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Lanzarote is a tourist destination like no other in Spain thanks to the work of one man Cesar Manrique. A man of extraordinary vision, Manrique lobbied the local authorities in the 1970’s to steer away from the high rise hotels and tacky billboard advertising and to concentrate on developing tourism in a sensitive way, so as not to destroy Lanzarote’s intrinsic natural beauty.
When asked about what he had achieved the artist and architect said: “I think this is the first place in Europe where all the advertisements have been removed from the landscape. I used to go around at night, destroying the adverts. We have to advertise in the press, on the radio, on TV, and also when you go to see the nature? Enough!”
Born into a comfortable middle-class family in 1919, Manrique studied architecture for two years before giving it up to move to Madrid to study art at the prestigious Academia de Bellas Artes de San Fernando.
Upon graduation Manrique travelled to New York where he lived among the young Bohemians in the city’s Lower East Side as the guest of Cuban painter Waldo Diaz-Balart.
Following two years of making a name for himself in the art world, Manrique returned to Lanzarote with the intention of turning his native island into one of the world’s most beautiful places devoid of commercialization.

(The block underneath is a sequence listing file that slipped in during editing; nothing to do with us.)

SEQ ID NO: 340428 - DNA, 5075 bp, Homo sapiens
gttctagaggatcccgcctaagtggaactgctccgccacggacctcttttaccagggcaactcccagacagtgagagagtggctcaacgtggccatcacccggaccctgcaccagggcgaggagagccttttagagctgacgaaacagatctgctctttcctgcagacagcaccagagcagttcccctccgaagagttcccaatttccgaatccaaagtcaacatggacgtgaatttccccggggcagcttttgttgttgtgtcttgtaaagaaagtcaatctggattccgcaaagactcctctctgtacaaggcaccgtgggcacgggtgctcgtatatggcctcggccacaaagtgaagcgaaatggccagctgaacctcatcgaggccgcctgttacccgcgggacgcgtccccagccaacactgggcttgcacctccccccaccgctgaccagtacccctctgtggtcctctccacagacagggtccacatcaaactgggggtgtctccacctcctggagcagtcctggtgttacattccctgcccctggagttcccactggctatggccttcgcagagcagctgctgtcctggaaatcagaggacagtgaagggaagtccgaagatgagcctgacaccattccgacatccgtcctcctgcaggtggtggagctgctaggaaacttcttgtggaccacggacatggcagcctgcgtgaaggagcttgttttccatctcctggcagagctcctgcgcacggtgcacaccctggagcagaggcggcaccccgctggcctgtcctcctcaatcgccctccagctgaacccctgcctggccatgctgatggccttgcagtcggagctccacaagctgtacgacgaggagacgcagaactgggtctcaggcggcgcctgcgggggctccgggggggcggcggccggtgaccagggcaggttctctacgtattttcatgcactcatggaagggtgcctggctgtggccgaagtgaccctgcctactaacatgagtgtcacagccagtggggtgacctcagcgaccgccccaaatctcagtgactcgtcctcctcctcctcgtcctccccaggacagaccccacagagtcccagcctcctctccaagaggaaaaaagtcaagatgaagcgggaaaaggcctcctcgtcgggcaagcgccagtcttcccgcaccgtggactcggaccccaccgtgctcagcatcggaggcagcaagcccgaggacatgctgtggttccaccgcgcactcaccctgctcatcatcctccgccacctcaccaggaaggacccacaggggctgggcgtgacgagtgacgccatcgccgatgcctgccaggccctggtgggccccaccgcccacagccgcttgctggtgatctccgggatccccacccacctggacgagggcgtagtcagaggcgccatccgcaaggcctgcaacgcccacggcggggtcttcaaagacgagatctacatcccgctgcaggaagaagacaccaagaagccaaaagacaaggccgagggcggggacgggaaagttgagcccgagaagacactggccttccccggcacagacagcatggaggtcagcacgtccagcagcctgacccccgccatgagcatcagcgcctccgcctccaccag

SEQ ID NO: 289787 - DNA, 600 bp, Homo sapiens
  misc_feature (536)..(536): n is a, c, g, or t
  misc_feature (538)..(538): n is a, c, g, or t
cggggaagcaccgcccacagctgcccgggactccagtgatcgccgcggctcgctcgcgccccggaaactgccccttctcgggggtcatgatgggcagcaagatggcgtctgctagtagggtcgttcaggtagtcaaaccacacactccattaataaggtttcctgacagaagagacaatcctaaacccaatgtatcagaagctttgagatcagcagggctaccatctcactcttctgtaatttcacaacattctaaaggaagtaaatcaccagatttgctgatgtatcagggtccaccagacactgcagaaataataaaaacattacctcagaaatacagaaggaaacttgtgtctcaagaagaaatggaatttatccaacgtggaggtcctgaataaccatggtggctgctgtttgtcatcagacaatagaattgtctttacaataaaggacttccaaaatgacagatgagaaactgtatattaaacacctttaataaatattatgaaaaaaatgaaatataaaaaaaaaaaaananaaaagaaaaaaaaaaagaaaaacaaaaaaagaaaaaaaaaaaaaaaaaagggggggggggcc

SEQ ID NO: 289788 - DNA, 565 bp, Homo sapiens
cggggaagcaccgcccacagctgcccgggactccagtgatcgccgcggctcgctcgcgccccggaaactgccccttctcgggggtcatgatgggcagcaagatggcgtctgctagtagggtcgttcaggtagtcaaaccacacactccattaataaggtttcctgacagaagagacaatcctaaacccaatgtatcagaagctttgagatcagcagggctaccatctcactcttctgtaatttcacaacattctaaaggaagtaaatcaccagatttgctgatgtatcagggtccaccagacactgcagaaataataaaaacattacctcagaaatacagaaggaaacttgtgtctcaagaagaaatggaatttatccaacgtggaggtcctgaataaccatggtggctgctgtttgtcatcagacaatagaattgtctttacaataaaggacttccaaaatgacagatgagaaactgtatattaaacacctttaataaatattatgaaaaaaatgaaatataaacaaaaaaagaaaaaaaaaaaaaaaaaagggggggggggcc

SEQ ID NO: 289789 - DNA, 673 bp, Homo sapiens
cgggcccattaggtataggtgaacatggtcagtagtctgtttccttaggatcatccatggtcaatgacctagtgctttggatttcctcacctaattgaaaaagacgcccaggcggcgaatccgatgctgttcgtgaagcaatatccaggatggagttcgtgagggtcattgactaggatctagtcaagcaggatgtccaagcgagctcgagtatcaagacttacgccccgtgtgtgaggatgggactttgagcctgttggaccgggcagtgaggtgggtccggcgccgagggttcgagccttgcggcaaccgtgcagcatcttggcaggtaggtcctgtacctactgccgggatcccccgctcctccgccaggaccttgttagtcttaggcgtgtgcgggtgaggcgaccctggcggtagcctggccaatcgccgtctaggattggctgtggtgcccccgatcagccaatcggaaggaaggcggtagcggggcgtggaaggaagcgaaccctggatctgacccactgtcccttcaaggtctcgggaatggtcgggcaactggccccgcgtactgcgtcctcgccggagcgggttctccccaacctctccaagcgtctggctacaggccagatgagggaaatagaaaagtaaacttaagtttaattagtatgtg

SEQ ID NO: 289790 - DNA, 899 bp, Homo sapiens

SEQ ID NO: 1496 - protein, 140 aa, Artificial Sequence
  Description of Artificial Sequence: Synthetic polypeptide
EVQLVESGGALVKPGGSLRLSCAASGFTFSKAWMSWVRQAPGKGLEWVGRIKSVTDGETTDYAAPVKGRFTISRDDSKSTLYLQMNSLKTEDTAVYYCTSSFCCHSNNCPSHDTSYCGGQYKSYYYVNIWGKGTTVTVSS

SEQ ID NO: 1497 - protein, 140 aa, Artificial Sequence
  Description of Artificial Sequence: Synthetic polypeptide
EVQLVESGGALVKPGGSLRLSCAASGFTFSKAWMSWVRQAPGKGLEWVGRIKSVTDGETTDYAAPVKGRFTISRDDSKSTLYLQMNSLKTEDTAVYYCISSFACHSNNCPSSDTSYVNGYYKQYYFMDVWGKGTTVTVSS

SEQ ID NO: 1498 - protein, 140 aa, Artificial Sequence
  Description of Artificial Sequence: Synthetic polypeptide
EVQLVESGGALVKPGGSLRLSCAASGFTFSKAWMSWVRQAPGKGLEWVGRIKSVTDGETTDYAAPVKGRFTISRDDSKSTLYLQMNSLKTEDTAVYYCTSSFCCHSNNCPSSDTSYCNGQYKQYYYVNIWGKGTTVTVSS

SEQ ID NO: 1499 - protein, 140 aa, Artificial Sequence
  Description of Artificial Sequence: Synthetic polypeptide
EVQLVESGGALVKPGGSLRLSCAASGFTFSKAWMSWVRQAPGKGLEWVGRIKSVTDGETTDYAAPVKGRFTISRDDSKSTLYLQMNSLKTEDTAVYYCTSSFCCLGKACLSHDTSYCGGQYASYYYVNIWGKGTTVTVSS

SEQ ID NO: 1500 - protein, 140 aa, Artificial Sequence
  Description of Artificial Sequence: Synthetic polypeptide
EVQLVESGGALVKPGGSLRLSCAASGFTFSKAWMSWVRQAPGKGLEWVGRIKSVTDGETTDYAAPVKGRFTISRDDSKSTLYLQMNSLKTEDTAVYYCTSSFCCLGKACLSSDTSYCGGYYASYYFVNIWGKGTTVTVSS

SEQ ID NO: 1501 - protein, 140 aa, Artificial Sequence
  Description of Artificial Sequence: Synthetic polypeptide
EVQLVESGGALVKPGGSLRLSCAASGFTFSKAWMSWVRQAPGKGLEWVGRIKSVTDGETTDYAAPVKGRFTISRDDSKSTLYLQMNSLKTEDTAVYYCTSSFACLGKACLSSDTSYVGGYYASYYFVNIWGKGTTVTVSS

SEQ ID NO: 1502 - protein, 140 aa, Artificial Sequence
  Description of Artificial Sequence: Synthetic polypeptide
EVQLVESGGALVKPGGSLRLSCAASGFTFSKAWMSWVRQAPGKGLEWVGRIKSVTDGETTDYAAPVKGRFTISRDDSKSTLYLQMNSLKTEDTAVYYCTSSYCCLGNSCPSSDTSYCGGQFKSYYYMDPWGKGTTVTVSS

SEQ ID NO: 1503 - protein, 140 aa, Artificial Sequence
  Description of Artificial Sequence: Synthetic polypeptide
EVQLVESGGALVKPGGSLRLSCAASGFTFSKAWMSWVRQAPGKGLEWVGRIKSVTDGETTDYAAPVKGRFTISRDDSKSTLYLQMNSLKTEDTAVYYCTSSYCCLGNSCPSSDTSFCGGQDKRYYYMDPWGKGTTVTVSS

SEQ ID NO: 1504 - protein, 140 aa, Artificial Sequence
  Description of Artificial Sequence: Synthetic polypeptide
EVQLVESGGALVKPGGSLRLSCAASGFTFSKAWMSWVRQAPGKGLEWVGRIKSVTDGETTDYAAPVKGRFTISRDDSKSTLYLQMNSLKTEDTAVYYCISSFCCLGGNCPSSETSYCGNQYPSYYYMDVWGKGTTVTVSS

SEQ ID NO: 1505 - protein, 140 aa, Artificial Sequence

Now considered to be not only an artist, but a town planner and ecologist Manrique faced his biggest challenge during the 1980’s when property developers flush with cash started to move in with the intention of turning the Canaries into a budget holiday destination.
The beauty and splendour of nature
Manrique true to his convictions started to organise protests at construction sites while lobbying to resist the over-commercialization of Lanzarote, claiming that certain parties were like the mafia only taking care of their own wallets while allowing architecture that even the fascist Mussolini would have not tolerated being built.
Despite his cries for help the resorts of Puerto del Carmen and Costa Teguise continued to grow, albeit the high rise buildings that are found on some of the other islands in the Canary chain.
At the time many people claimed that Manrique was a madman trying to hold back the island's economic development. Today, however if you look at the splendour of his creations such as the Jameos Del Agua volcanic tunnel he turned into a concert venue complete with a swimming pool that only the King of Spain is permitted to bathe in and a volcano museum that could have come straight from the set of 2001 A Space Odyssey it is clear to see that he was a visionary ahead of his time.
A self-confessed workaholic and misocapnist Manrique was tragically killed in a car accident on the LZ-1 roundabout in Tahíche in 1992 aged 73 years.
Wherever you travel on Lanzarote you will see Manrique’s legacy, The vision of a tourist destination in tune with nature, devoid of the commercialization that has destroyed so many other places of natural beauty.
Following his death, the non-profit Fundación César Manrique was established in his old house and studio to make people aware of his work and to carry on fighting against the uncontrolled commercial development of Lanzarote.
To learn more about César Manrique and his work, visit his former house in Tahíche for a wonderful day out.
Standard price: 8€ Children 12 or under: 1€
Joint ticket for
César Manrique Foundation (Tahíche) + House Museum (Haría): 15€
Special group rates are available.
House Museum (Haría) César Manrique Foundation (Tahíche)